Lancashire

Lancashire grandmother 'had to sleep on mattress in lounge' for 10 years

Mattress on floor (generic) Image copyright Getty Images
Image caption The grandmother said she was forced to sleep on the mattress in her lounge

A woman slept on a mattress in her living room for more than 10 years because her council house was too small for her and five children.

Lancashire County Council told her the three-bedroom terraced house would be extended after she fostered her two grandchildren, both under two, in 2004.

It took the authority until 2011 to agree a budget and escalating costs meant the plan was eventually scrapped.

The Local Government Ombudsman ordered the council to pay her compensation.

The council apologised and said it would pay her £24,000 to reflect the "avoidable distress" she and her family suffered.

'Lack of privacy'

The Ombudsman found both the woman and her daughter had to sleep on mattresses and the whole family lived in "significantly overcrowded" conditions.

When the two grandchildren were formally fostered by the woman in March 2004, her children living in the property were all under the age of 10.

A care order for the two grandchildren in 2005 required the council to complete an extension.

Plans were approved in 2007 to add an extra bedroom and shower room, and to extend the kitchen, dining area and utility room.

But the council took four years to agree a budget for the work.

Image copyright Getty Images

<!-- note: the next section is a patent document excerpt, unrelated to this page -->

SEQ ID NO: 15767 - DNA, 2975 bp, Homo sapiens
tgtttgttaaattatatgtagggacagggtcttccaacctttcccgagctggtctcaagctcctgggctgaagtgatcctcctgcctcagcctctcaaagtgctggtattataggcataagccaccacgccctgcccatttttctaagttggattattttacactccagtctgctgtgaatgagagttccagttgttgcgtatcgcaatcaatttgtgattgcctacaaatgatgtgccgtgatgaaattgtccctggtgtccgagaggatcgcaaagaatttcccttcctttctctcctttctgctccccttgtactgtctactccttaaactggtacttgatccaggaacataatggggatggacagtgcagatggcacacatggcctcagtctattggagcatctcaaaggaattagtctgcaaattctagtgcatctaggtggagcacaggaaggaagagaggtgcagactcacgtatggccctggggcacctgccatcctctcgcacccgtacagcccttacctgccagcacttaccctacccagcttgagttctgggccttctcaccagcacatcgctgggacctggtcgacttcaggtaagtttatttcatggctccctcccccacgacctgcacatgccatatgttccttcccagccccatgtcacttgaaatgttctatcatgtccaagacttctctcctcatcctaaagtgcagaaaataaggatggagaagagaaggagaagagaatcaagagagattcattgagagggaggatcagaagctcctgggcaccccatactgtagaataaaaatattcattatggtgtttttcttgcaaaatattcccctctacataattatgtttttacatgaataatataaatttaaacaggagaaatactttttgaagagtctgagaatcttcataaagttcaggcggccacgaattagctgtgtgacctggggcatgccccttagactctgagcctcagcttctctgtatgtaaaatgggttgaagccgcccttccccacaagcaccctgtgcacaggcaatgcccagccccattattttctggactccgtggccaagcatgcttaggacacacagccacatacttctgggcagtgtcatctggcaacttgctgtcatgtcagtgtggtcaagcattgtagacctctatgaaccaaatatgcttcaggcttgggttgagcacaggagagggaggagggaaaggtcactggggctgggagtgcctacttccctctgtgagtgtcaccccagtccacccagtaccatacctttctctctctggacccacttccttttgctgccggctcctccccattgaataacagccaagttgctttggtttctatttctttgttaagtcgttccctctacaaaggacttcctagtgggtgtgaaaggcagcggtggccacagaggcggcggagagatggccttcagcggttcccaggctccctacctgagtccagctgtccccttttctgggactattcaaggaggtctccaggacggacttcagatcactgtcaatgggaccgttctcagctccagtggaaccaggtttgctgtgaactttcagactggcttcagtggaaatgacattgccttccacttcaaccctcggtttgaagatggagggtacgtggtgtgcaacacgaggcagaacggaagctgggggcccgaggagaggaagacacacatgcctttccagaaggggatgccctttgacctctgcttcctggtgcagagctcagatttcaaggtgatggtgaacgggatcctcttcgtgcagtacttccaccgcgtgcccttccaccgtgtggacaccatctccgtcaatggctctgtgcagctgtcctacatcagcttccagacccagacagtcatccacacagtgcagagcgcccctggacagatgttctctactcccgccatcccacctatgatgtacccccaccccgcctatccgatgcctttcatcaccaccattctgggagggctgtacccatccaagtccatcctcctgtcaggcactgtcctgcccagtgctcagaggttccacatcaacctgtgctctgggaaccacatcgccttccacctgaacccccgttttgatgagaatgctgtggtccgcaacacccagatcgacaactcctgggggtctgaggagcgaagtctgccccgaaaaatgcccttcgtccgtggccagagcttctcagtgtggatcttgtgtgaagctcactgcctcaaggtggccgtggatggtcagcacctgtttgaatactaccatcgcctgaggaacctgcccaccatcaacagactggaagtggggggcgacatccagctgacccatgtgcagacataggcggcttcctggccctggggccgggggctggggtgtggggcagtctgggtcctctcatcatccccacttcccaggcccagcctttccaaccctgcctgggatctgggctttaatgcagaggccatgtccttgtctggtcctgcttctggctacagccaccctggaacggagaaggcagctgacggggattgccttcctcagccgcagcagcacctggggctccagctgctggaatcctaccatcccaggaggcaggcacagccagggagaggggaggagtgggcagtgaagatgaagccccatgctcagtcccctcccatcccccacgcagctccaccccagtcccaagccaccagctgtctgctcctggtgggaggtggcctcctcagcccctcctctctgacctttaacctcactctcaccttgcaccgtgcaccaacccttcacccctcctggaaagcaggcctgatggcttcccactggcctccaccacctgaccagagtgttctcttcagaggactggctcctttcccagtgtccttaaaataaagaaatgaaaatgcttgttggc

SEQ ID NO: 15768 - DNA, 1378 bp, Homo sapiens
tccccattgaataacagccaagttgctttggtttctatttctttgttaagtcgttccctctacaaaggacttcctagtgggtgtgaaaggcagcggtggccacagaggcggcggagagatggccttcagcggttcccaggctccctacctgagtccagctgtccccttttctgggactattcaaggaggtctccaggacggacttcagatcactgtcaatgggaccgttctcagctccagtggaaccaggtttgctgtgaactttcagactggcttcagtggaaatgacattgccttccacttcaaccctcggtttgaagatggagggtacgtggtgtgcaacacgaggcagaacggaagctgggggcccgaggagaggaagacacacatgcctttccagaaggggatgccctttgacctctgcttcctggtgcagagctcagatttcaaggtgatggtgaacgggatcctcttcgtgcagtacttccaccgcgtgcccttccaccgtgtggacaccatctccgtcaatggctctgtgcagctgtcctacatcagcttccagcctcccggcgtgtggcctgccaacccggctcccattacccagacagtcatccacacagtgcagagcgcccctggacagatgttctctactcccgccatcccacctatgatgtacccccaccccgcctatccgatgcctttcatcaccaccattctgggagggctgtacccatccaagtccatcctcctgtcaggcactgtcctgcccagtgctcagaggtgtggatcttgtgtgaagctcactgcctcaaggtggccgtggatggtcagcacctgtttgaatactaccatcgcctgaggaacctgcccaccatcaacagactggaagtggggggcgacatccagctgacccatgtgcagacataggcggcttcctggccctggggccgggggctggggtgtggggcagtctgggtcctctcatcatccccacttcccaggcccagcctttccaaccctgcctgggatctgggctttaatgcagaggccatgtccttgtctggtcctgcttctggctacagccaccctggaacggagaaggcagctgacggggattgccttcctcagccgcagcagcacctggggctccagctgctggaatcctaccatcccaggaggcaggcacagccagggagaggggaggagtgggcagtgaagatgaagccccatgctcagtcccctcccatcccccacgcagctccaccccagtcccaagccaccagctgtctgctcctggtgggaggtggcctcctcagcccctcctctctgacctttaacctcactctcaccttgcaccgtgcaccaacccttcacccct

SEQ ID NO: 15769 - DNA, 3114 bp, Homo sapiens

Image caption Lancashire County Council said it was paying the woman £24,000 in recognition of the "avoidable stress" she suffered

By 2016 the proposed costs had increased by £50,000 and the council told her the extension would no longer be built.

She complained to the Ombudsman, whose investigation found the council delayed getting an agreement for the extension, and reneged on its agreement to build it once the costs had escalated.

The investigation also found the council delayed deciding whether to provide the family with a people-carrier type vehicle in response to the court order. It eventually paid for a vehicle in 2016.

Ombudsman Michael King said: "Lancashire County Council agreed to extend the woman's property as part of a care order, which was made to promote the welfare of her two vulnerable grandchildren. The council failing to comply with the order is extremely serious, and it could have put the children's placement at risk.

"Throughout the period five children have grown up and become young adults - because of the overcrowding, the whole family has struggled with a lack of privacy and emotional development.

"The extension would have significantly improved their living conditions had it been built as agreed.

"While the remedy we have recommended cannot make up for the long-term distress of living in such overcrowded conditions, I hope it can go some way to providing for a stable future for the family."

Lancashire County Council said: "We have fully apologised to the person involved, and we are very sorry for the distress our failings have caused.

"The Local Government and Social Care Ombudsman has identified a number of actions and we've drawn up a plan to address all the shortcomings that were outlined in the report."